The U.S. House recently passed a bill that would give $25 billion in emergency funding to help keep the U.S. Postal Service going through the pandemic and expected surge of mail closer to the General Election. The funding level is the amount the Trump-appointed U.S. Postal Service Board of Governors recommends. Four Missouri members voted in favor of the legislation – Republicans Sam Graves and Ann Wagner and Democrats Emanuel Cleaver and Lacy Clay.

The plan would also reverse recent cost-cutting measures to slow service.

Missouri Congressman Emanuel Cleaver

The Postal Service has been struggling financially due to a decline in mail volume, the pandemic causing costs to climb, among other things. Cleaver, who represents Kansas City and several rural western Missouri counties, has been sounding the alarm for a while about the agency’s money problems. He says talks of privatizing it is an insult to the older.

“I just think that that’s almost mean spirited,” he says. “We don’t even think about the older people in our country who are not online, who still handwrite all their letters and pay their bills by writing out checks.”

Cleaver co-sponsored the bill, H.R. 8015. He tells Missourinet privatization would also hurt rural communities.

“When you privatize it, can you imagine X corporation delivering mail to a little farm outside of Orrick, where they have to drive from Kansas City to Orrick and then drive down a dirt road to put the mail in a mailbox? They are not going to do it. They are going to say it is not cost efficient – it’s cost prohibitive,” says Cleaver.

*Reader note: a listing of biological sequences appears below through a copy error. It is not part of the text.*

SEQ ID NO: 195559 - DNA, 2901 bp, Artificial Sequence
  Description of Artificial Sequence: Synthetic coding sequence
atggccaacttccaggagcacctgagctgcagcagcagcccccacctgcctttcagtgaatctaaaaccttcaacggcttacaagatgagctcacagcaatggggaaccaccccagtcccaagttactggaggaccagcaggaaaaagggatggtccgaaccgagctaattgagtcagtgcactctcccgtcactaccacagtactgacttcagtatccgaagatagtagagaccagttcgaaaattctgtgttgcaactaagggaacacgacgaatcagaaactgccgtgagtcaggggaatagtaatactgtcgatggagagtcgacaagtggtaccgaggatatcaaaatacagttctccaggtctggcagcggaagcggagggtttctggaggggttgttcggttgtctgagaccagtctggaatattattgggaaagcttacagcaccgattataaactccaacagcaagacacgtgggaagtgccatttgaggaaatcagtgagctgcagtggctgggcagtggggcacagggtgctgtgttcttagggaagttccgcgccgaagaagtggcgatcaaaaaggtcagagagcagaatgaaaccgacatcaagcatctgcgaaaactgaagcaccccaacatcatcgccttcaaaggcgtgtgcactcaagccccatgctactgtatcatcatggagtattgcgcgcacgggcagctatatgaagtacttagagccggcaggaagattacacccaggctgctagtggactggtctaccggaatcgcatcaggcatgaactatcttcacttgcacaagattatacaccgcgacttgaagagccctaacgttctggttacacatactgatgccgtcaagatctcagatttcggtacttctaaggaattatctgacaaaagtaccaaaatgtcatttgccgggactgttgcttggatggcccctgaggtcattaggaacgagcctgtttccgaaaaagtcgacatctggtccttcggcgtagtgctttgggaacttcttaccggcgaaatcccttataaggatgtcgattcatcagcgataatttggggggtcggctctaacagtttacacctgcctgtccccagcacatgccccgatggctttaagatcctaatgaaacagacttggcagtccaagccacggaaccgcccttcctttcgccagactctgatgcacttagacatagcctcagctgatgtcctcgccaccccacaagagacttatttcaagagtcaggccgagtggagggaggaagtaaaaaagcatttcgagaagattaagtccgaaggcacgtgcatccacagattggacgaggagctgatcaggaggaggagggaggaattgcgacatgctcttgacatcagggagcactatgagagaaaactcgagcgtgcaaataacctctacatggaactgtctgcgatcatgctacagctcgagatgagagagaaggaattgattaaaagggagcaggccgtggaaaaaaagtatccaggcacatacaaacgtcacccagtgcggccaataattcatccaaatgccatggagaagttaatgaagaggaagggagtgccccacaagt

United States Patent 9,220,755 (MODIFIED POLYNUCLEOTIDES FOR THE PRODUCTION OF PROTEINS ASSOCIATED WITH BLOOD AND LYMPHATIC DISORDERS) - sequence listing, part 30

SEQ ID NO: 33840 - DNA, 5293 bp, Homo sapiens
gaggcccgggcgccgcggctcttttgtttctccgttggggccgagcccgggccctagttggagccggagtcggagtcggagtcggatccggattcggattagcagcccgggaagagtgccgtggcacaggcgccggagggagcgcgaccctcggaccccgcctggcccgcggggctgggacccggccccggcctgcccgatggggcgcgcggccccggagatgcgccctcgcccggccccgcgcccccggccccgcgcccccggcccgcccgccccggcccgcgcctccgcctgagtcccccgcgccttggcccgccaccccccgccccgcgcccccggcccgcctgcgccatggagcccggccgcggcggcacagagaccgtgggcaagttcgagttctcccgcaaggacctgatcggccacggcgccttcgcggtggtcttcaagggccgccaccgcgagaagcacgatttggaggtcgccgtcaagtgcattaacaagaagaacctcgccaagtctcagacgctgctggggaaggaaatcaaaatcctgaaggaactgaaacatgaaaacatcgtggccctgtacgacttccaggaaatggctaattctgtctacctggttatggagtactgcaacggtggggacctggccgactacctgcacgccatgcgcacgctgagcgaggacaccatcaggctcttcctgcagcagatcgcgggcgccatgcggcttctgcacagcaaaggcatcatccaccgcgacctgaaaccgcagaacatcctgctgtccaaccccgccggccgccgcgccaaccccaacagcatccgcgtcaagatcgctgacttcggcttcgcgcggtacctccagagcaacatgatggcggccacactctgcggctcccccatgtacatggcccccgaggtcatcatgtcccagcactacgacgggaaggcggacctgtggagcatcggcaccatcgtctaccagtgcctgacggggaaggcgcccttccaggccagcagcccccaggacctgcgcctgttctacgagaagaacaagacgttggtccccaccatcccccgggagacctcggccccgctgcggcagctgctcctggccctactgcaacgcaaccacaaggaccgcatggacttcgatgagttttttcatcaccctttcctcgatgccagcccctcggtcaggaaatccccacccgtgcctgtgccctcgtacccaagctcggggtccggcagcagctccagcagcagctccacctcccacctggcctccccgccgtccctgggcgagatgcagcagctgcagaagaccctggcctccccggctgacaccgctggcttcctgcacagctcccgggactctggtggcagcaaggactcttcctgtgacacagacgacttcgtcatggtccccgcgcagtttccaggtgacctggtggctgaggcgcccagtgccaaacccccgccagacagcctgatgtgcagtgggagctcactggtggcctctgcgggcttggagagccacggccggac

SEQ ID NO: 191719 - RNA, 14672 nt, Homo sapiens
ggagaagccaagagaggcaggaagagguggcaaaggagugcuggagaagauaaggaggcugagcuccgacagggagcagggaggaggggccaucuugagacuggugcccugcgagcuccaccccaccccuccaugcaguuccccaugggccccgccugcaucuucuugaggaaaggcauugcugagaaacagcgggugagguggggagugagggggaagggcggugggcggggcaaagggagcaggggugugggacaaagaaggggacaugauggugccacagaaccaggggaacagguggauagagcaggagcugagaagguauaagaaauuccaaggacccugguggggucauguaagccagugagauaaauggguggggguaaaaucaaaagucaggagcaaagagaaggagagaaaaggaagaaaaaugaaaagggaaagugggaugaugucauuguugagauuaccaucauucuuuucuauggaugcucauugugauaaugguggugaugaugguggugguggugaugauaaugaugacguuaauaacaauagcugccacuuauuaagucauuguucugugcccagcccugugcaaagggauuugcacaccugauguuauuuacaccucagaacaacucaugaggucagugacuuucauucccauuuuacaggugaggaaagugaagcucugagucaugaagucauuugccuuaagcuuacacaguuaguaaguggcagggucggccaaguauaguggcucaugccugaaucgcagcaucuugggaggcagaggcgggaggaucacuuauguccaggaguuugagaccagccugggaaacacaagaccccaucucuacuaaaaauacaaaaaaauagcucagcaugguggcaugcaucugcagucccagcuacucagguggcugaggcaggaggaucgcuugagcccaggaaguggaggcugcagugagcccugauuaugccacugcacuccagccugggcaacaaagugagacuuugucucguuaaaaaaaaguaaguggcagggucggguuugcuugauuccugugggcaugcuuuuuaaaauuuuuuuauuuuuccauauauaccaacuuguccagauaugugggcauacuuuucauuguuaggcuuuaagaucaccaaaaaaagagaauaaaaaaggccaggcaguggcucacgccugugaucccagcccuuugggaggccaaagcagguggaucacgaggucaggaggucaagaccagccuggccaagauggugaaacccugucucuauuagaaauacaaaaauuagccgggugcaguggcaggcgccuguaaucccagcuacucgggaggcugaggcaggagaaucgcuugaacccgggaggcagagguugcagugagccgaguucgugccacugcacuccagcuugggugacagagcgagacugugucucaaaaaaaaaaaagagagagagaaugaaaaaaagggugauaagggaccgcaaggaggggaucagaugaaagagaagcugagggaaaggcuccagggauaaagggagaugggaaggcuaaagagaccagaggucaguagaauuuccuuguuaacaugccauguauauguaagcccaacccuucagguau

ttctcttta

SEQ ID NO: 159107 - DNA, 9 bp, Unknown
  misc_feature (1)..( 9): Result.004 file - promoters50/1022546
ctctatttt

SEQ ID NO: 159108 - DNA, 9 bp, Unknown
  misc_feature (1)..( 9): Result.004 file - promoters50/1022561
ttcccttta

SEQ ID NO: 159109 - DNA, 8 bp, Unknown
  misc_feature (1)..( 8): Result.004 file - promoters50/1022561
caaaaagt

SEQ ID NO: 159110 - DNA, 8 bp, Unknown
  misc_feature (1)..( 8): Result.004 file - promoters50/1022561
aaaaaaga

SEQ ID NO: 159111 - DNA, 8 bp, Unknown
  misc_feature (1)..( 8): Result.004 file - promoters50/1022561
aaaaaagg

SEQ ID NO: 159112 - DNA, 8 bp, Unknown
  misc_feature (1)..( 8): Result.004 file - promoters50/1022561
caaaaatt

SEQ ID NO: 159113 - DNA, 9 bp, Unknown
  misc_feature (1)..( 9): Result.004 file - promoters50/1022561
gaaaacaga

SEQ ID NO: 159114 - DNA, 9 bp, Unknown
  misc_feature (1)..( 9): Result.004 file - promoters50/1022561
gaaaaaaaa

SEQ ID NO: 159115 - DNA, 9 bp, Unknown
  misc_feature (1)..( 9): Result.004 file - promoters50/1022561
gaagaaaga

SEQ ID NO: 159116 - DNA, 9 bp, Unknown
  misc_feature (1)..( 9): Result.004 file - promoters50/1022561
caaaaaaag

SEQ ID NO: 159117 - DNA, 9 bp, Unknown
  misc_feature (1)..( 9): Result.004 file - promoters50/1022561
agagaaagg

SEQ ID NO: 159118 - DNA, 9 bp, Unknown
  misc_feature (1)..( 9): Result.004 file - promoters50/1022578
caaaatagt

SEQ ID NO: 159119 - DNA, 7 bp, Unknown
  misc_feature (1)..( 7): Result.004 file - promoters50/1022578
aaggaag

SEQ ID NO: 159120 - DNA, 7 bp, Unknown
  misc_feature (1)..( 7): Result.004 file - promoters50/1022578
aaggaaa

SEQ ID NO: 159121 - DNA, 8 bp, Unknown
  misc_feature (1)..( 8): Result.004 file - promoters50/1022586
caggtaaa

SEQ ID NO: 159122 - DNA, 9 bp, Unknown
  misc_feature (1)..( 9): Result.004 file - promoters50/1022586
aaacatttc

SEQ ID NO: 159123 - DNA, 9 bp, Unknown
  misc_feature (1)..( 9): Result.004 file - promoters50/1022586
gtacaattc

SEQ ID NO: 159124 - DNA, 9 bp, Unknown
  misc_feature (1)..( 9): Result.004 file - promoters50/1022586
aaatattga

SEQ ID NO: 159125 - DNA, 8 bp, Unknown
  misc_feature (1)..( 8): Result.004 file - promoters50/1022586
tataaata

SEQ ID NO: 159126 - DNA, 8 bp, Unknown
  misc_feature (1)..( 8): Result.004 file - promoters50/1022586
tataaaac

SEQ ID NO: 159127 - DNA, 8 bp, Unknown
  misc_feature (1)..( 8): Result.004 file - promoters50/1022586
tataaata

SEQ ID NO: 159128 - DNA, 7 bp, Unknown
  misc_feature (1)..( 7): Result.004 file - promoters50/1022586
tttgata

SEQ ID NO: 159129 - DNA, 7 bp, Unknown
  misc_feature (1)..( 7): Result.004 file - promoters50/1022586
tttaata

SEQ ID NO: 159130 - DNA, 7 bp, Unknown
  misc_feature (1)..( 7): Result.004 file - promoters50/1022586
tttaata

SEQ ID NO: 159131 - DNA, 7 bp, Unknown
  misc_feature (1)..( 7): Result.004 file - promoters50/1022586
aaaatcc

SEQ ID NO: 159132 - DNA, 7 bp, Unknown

Cleaver’s district includes rural towns like Marshall, Richmond and Belton.

U.S. Rep. Sam Graves, R-Tarkio, represents 36 counties in northern Missouri (file photo courtesy of Congressman Graves’ office)

Graves, of northern Missouri, tells Missourinet affiliate KFEQ the legislation affects almost every part of his district.

“The post office is something that I’ve been looking at and working through for years,” says Graves. “I have a very rural district and a lot of senior citizens in my district that depend on postal and making sure that we keep six-day delivery out there and timely.”

Graves’ district includes Chillicothe and Memphis.

President Donald Trump has threatened to veto the bill – and Graves says he and the president don’t always agree on everything.

“This is one of those issues and that’s been the case with every president that I’ve worked with. Whether that was Bush, I didn’t agree with him on everything. Obama, I didn’t agree with him on everything. And obviously President Trump,” says Graves. “We don’t agree on everything as well and that’s part of what representation is. I have the opportunity to be very parochial with my district and I can look out for, and always have, for the interest of my district.”

Graves says in this election, it’s unfortunate that the Postal Service has become political.

Missouri Congresswoman Vicky Hartzler and Congressmen Billy Long, Blaine Luetkemeyer and Jason Smith all voted against the plan.

It is expected to have an uphill battle in the Senate. Senate Majority Leader Mitch McConnell, R-Kentucky, has said the delivery of mail-in ballots was a “nonexistent problem.”

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